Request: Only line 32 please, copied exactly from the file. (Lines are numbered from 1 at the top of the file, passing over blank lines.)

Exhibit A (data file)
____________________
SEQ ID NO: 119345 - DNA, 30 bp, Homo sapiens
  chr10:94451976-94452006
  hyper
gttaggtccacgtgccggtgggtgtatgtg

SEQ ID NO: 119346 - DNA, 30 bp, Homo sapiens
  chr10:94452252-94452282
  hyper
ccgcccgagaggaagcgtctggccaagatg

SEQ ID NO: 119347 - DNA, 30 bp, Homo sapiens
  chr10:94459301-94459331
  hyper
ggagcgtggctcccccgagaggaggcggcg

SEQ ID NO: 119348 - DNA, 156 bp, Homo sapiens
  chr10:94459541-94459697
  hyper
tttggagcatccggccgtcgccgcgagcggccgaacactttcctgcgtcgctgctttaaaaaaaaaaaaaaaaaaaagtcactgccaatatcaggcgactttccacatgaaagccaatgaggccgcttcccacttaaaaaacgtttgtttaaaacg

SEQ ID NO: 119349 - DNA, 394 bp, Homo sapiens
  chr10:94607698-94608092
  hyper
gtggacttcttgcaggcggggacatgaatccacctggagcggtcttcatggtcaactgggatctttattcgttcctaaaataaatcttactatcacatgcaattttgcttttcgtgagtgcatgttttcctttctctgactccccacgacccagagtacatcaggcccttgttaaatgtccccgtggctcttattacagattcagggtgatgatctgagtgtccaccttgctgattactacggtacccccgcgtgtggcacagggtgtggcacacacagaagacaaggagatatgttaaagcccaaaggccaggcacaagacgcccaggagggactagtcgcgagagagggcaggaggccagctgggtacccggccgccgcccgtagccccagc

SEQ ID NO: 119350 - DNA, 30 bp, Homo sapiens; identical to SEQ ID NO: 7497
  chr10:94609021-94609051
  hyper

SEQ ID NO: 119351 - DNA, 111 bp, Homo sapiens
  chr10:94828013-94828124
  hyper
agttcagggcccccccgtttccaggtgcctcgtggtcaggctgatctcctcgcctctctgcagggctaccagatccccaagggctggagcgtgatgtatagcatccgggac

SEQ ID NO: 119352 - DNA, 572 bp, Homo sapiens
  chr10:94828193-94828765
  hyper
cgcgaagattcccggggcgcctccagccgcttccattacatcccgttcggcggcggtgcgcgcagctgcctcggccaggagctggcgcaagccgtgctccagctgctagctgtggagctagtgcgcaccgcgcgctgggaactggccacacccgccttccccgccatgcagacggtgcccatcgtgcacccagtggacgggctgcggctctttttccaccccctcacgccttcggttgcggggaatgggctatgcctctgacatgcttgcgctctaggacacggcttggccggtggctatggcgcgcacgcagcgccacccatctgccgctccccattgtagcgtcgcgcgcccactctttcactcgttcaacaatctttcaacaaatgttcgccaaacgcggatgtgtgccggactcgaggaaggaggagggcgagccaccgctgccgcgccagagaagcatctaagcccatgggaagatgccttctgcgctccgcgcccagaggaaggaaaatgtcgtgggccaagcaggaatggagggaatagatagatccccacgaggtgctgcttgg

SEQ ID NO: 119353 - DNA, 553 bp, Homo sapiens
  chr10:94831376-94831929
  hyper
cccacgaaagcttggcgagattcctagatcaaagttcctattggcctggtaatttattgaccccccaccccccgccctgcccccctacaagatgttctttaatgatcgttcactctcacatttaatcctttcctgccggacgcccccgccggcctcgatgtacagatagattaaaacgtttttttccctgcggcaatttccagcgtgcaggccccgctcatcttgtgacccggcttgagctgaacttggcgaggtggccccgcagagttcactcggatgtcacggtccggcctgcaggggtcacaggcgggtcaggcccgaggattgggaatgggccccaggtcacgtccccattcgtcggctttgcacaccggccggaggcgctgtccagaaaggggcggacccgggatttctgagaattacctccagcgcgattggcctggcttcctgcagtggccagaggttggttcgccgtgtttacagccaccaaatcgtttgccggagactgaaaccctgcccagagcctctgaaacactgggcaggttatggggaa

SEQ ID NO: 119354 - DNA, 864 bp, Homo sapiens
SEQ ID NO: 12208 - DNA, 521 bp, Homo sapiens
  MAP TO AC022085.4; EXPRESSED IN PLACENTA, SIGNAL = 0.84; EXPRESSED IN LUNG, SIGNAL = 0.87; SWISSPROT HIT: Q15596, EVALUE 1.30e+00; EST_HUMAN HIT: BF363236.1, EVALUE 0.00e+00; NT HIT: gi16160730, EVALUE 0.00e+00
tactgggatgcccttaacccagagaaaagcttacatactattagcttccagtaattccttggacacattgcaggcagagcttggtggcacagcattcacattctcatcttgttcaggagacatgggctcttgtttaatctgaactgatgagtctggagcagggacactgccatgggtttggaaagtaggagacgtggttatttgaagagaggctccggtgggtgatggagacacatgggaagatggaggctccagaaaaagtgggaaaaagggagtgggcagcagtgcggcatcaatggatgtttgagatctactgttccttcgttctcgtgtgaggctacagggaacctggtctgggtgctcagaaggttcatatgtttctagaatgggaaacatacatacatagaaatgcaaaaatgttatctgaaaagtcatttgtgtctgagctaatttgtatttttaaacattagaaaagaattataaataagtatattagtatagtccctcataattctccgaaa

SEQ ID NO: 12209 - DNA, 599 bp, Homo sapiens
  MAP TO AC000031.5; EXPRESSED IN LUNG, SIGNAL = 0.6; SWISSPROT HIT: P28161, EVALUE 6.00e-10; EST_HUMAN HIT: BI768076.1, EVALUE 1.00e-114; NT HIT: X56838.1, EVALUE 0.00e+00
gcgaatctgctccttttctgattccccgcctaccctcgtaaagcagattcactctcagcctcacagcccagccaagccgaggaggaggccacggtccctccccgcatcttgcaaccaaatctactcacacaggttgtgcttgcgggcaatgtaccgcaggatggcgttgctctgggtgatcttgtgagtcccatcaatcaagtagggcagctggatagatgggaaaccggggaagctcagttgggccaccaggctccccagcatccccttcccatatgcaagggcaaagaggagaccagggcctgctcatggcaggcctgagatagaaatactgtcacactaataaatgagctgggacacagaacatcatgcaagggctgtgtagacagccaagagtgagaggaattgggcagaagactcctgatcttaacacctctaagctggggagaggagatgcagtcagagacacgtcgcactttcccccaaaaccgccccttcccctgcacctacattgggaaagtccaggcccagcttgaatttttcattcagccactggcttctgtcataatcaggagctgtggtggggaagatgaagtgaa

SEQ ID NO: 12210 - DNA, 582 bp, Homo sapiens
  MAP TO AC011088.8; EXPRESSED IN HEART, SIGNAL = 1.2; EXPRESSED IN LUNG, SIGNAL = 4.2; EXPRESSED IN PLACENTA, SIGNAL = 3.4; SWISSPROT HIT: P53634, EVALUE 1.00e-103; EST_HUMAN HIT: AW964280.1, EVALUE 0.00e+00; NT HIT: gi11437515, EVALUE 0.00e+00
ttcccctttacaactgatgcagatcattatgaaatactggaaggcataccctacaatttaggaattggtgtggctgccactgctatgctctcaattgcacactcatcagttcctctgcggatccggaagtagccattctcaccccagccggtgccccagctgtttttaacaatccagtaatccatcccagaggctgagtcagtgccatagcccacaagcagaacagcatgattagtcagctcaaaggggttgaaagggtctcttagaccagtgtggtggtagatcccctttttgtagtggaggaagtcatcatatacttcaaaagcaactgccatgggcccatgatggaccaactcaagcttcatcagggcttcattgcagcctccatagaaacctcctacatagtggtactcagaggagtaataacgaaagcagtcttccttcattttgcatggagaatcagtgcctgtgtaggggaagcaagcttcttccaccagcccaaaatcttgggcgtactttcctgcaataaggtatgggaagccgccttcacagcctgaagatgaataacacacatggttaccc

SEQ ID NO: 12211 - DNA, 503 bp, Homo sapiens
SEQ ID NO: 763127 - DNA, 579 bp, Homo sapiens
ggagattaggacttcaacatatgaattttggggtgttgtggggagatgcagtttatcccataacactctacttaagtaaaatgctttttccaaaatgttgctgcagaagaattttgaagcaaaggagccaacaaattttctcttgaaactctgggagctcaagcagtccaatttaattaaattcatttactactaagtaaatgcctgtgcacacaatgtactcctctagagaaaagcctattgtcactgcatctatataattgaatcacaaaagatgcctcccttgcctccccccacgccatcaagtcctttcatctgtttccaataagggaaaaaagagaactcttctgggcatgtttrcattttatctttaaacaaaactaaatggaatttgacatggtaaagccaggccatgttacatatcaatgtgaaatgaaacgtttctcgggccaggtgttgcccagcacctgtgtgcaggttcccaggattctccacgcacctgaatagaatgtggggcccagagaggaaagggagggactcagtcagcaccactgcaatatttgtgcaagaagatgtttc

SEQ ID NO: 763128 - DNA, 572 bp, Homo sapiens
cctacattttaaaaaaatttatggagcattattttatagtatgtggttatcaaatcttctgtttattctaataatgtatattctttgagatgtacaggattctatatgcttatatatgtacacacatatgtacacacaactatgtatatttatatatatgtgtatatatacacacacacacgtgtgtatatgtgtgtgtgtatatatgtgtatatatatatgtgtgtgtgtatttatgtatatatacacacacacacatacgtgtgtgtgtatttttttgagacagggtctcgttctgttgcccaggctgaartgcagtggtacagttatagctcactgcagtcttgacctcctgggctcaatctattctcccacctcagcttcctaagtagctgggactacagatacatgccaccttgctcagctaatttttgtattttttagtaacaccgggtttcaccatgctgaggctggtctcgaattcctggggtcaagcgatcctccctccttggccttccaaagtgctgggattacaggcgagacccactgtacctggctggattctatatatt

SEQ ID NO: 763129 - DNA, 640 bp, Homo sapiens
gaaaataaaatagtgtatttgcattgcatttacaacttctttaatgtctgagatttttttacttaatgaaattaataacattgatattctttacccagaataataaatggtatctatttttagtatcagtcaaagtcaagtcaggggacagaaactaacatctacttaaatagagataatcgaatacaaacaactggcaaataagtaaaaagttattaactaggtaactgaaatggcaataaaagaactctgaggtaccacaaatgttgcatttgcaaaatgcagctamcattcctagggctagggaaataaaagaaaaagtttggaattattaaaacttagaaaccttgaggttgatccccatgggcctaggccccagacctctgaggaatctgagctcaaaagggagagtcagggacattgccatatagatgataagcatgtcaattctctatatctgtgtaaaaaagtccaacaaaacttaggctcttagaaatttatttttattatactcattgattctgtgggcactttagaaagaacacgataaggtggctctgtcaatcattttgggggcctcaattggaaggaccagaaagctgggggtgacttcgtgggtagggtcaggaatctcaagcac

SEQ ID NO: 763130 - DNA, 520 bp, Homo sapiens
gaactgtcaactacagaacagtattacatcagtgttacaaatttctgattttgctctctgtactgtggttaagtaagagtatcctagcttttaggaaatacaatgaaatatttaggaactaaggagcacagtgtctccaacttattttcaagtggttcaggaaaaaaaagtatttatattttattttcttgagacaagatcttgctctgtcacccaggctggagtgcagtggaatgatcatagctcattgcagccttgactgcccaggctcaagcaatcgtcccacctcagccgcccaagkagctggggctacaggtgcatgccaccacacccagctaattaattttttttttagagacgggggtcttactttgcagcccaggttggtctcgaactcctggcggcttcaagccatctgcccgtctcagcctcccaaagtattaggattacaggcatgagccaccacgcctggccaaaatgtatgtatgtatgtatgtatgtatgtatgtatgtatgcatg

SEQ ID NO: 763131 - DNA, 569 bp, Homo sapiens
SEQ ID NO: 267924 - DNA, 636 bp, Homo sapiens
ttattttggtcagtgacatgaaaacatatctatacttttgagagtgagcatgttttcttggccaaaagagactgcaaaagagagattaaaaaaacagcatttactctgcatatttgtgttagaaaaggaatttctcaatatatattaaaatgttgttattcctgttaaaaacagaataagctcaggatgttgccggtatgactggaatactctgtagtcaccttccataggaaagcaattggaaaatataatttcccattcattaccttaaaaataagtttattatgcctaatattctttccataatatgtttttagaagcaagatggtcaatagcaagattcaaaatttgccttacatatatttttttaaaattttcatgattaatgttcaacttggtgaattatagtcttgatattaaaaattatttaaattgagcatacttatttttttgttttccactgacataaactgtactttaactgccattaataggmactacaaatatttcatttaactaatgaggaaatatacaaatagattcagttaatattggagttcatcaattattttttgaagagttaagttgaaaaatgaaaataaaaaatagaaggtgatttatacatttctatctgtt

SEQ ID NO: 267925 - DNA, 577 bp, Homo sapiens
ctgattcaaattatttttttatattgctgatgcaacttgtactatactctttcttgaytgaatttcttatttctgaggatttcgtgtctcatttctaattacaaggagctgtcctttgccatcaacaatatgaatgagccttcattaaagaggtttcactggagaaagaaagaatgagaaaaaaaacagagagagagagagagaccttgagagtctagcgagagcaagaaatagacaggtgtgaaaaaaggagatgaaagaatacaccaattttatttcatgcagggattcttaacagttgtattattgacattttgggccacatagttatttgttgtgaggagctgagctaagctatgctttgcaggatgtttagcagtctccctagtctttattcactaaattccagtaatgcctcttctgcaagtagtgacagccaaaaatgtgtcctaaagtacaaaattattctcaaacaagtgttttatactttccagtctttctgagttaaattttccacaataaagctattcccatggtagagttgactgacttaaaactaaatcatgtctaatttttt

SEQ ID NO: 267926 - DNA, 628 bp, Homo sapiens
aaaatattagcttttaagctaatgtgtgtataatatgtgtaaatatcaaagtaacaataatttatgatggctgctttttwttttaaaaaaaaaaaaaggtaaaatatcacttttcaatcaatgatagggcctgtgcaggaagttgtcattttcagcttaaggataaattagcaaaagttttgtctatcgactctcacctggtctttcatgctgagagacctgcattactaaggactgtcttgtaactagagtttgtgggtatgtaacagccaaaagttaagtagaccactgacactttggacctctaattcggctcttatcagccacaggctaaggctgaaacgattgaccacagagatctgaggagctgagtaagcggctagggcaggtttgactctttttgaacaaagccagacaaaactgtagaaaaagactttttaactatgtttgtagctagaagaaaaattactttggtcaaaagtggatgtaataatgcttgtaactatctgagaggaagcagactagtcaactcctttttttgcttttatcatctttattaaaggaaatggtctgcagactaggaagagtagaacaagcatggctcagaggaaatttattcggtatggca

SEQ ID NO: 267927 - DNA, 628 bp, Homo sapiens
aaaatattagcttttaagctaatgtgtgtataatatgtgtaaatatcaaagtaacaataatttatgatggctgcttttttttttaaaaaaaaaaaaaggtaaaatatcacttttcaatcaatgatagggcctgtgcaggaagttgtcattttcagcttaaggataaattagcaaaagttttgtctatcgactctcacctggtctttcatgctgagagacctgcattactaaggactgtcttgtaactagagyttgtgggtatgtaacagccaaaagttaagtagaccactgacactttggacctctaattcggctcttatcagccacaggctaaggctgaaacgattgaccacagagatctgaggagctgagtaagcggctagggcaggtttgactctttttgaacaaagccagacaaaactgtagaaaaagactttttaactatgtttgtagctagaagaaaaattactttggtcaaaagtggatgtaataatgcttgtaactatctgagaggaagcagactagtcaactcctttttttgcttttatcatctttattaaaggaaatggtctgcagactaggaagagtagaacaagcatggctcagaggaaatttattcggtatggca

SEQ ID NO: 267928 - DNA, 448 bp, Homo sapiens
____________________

SEQ ID NO: 119353 - DNA, 553 bp, Homo sapiens